Page file (also known as swapfile or paging file) is a vital part of any modern Windows computer. Because how it works, page file may take up some serious amount of free space on your drive thus making users wonder why the heck pagefile.sys takes so much space. Usually, it occupies around 6 GB+ and this may raise some concerns and question in curios user’s mind.
By default, Windows keeps page file in the root of drive C. Operating system needs this file to keep your apps up and running without interruptions when you are out of RAM. Long story short, when a PC hits RAM limit, Windows moves some data from RAM to the page file. This may slow down some apps (RAM is much faster than the best SSDs out there), but they won’t crash or close and remain running without trouble. In addition, Windows may move some unused data (for example, apps in the background) from RAM to pagefile to free some memory for more important processes. If you turn off or delete pagefile.sys and your PC has a very little amount of RAM, you may end up with a warning message that says your PC has insufficient memory. “There is insufficient system memory for the operation” or “More free memory is required than is currently available on your computer” messages are common signs that your PC is out of free RAM and the paging file is turned off. Even if your PC has more than comfortable 16 GB of RAM and you never reach even half of that, Windows still needs a paging file.
Do note that Windows has two paging files. One is called pagefile.sys and the second is swapfile.sys. Swapfile.sys is required for Universal Windows Apps you can get from Microsoft Store and pagefile.sys is being used for classic Win32 apps.
How to Delete Page File or Reduce/Increase Its Size?
You can’t delete pagefile.sys using Shift + Delete buttons. Windows uses a special tool to manage a paging file which is stored within the Control Panel. From there you can reduce or increase paging file size or turn it off completely. Let’s see how to delete pagefile.sys on Windows 10.
- Hit Win + R on your keyboard and enter sysdm.cpl.
- Go to Advanced tab and click on Settings within the Performance section.
- In the new Performance Options window click on Advanced tab. Look for Virtual memory section. You will find there total paging file size for all drivers. In our case, this is a mere 2.4 GB. Click Change.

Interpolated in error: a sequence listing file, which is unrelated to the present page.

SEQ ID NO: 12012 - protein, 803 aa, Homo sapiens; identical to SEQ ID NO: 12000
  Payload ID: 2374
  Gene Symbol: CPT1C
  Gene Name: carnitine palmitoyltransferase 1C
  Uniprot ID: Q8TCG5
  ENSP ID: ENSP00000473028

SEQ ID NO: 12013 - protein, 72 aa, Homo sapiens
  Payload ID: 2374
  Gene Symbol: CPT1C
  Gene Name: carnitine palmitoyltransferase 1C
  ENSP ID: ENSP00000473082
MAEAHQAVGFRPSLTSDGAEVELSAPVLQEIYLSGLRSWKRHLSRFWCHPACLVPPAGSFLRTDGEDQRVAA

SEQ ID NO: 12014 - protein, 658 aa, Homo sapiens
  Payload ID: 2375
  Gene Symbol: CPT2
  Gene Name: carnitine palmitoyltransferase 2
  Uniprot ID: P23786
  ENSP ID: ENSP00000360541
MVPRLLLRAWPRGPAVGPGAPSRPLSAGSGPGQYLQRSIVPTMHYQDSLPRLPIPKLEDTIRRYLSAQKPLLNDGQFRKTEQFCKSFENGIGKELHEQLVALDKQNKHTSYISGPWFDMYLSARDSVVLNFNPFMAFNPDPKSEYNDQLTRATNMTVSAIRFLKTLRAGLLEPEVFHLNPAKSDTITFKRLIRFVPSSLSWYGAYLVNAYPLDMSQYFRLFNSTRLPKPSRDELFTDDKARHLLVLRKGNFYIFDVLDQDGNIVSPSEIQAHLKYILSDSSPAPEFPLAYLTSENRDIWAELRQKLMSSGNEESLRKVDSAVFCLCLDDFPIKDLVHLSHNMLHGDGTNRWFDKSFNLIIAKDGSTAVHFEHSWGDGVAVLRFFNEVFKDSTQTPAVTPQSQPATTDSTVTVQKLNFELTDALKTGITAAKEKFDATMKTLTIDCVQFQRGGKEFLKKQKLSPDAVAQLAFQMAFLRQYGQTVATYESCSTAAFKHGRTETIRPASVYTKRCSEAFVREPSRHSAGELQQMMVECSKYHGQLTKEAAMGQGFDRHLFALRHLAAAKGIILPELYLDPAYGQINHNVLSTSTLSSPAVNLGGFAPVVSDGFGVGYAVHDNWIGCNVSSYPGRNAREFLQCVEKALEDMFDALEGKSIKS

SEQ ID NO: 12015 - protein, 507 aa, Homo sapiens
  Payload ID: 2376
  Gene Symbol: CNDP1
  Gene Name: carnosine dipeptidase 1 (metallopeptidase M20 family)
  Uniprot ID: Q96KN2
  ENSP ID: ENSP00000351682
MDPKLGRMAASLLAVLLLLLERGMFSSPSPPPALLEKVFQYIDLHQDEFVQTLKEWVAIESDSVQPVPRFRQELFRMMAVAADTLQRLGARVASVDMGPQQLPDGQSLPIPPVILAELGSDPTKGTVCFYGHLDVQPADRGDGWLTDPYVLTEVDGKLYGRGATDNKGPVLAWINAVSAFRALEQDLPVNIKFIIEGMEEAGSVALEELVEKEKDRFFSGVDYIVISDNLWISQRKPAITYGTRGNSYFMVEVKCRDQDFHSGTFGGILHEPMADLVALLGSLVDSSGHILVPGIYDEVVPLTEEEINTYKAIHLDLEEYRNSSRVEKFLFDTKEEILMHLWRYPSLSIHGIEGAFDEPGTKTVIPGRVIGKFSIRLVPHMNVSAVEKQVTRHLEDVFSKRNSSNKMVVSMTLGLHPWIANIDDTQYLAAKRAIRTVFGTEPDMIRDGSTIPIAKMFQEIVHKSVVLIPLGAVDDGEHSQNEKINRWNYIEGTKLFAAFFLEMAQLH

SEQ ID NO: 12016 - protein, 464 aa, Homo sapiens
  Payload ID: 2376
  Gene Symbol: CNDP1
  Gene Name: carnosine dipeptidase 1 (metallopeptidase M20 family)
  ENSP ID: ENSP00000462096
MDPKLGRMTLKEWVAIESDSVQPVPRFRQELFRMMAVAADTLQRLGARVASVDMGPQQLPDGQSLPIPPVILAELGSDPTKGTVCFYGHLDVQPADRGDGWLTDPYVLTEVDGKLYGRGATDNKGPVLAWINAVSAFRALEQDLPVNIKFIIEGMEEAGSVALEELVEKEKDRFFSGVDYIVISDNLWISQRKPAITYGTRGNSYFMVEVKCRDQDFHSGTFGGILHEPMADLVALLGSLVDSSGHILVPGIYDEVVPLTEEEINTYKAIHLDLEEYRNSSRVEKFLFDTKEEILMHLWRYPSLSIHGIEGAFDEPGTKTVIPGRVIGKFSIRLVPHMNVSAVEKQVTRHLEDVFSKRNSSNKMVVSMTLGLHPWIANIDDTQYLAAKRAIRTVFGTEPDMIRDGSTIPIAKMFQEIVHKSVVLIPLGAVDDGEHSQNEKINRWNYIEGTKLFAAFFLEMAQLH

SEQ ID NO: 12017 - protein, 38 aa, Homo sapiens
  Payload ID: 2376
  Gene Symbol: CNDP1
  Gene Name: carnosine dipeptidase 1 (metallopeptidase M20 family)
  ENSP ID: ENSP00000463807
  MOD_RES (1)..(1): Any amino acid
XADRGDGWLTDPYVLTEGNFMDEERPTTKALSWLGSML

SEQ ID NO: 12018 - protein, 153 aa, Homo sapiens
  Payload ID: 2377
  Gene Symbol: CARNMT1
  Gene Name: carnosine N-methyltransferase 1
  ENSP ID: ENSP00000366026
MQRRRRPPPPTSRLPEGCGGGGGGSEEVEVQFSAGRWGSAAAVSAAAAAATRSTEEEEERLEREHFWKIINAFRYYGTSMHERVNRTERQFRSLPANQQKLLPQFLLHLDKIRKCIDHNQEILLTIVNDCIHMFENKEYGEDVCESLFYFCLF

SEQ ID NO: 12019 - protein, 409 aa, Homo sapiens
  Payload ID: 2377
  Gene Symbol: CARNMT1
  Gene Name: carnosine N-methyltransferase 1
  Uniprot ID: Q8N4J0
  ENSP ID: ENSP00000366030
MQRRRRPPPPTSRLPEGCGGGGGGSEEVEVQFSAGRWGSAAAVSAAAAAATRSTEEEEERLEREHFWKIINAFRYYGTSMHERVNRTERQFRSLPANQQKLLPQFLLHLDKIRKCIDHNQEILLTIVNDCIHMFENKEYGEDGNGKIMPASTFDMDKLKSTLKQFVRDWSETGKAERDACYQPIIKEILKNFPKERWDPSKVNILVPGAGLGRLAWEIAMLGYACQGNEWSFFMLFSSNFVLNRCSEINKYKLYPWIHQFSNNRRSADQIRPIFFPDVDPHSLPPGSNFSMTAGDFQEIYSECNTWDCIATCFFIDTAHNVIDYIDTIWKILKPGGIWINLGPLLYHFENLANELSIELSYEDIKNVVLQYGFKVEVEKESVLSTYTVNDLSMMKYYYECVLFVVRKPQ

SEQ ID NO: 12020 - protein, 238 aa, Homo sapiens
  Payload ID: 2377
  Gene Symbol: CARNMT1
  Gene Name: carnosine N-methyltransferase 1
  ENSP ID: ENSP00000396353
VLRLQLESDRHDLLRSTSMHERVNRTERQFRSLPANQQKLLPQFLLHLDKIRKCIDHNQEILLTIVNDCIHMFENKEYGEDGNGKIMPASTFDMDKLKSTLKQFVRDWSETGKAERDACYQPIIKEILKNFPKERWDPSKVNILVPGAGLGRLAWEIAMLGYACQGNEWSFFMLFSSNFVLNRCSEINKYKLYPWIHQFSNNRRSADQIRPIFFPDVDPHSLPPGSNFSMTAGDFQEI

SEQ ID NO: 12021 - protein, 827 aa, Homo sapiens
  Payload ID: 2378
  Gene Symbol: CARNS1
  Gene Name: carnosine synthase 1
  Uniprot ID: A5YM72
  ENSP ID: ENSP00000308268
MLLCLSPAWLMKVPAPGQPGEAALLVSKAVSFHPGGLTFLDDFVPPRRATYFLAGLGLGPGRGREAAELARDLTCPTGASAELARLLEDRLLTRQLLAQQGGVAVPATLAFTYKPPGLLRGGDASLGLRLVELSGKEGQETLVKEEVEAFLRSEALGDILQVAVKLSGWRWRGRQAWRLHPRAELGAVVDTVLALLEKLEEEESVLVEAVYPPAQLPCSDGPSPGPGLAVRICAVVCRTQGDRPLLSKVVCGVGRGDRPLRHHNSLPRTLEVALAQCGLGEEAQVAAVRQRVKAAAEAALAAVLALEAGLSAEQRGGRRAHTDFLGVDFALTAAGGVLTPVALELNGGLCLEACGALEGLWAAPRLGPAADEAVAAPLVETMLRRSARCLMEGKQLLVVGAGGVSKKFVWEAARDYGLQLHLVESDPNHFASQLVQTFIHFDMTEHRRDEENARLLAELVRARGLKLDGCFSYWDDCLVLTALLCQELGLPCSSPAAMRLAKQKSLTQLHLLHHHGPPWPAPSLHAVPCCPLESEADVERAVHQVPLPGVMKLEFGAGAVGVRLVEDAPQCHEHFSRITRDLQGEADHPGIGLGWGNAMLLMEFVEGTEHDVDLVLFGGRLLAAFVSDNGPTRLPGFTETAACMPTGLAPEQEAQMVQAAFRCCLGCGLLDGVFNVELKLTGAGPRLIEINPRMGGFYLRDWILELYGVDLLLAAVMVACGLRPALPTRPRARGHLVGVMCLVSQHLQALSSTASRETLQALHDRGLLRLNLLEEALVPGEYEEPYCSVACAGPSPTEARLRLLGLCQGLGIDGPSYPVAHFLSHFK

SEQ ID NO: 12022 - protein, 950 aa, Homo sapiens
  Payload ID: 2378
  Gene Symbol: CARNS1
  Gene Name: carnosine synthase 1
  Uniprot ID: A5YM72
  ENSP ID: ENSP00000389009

- Windows automatically defines the correct paging file size. If you think you should increase or decrease it or simply turn it off to free up some space, uncheck Automatically manage paging file size for all drives. Now you can change how paging file works.
- To decrease or increase pagefile.sys size, select Custom size and specify initial size and maximum size in megabytes. If you want to delete pagefile.sys, click on No paging file and then Set. Do note that this won’t delete the paging file immediately. Restart your PC and only after that system will get rid of swapfile.
We do not recommend disabling pagefile because you never know how your apps and games work with this feature. Some apps or games require paging file even if your PC has hundreds of gigabytes of RAM. That how it works, and you should deal with it. But we also should note that if there is critical need to free some storage on your drive and you are pretty sure no apps will crash without pagefile, you can disable it without any harm for the system (a study showed that Windows does not perform any better or worse with pagefile turned on or off). Just make sure to turn it back on if some apps misbehave. Key point is that your PC won’t perform any better with no paging file. In some cases, you may end up crippling your PC even more than with pagefile.sys being turned on.
Proper Pagefile.sys Size
Just like with turning pagefile off, there won’t be any benefit in increasing pagefile for no reason. The best option is to leave this task to the system. Windows knows better how to manage pagefile and you should not intervene in this process. Still, some developers recommend setting pagefile size manually. Pagefile size depends on how much RAM you have. Initial size should be equal to the difference between the total amount of RAM and the maximum amount of memory in use during peak load (you can check this value in Task Manager on Performance tab). Double this amount for the maximum size. Let’s do the math to get the idea.
Suppose we have 16 GB of RAM. Windows consumes 11 GB during peak load. This means our pagefile should be 5 GB minimum and 10 GB maximum. Simple.
How to Move the Pagefile.sys to a Different Drive?
Let’s make one thing clear before we start. When we say “move the pagefile to different drive” we mean moving the file to a second physical drive, not another partition on the same drive. Moving pagefile from one partition to another won’t give you any benefit.
- Go to Virtual Memory setting section as described in this article above.
- Deselect automatic paging file size management. Click on drive C: and then press No paging file.
- Now click on the drive you want to move the paging file to. Select either custom size or system managed size. Press Set.
- Restart your PC.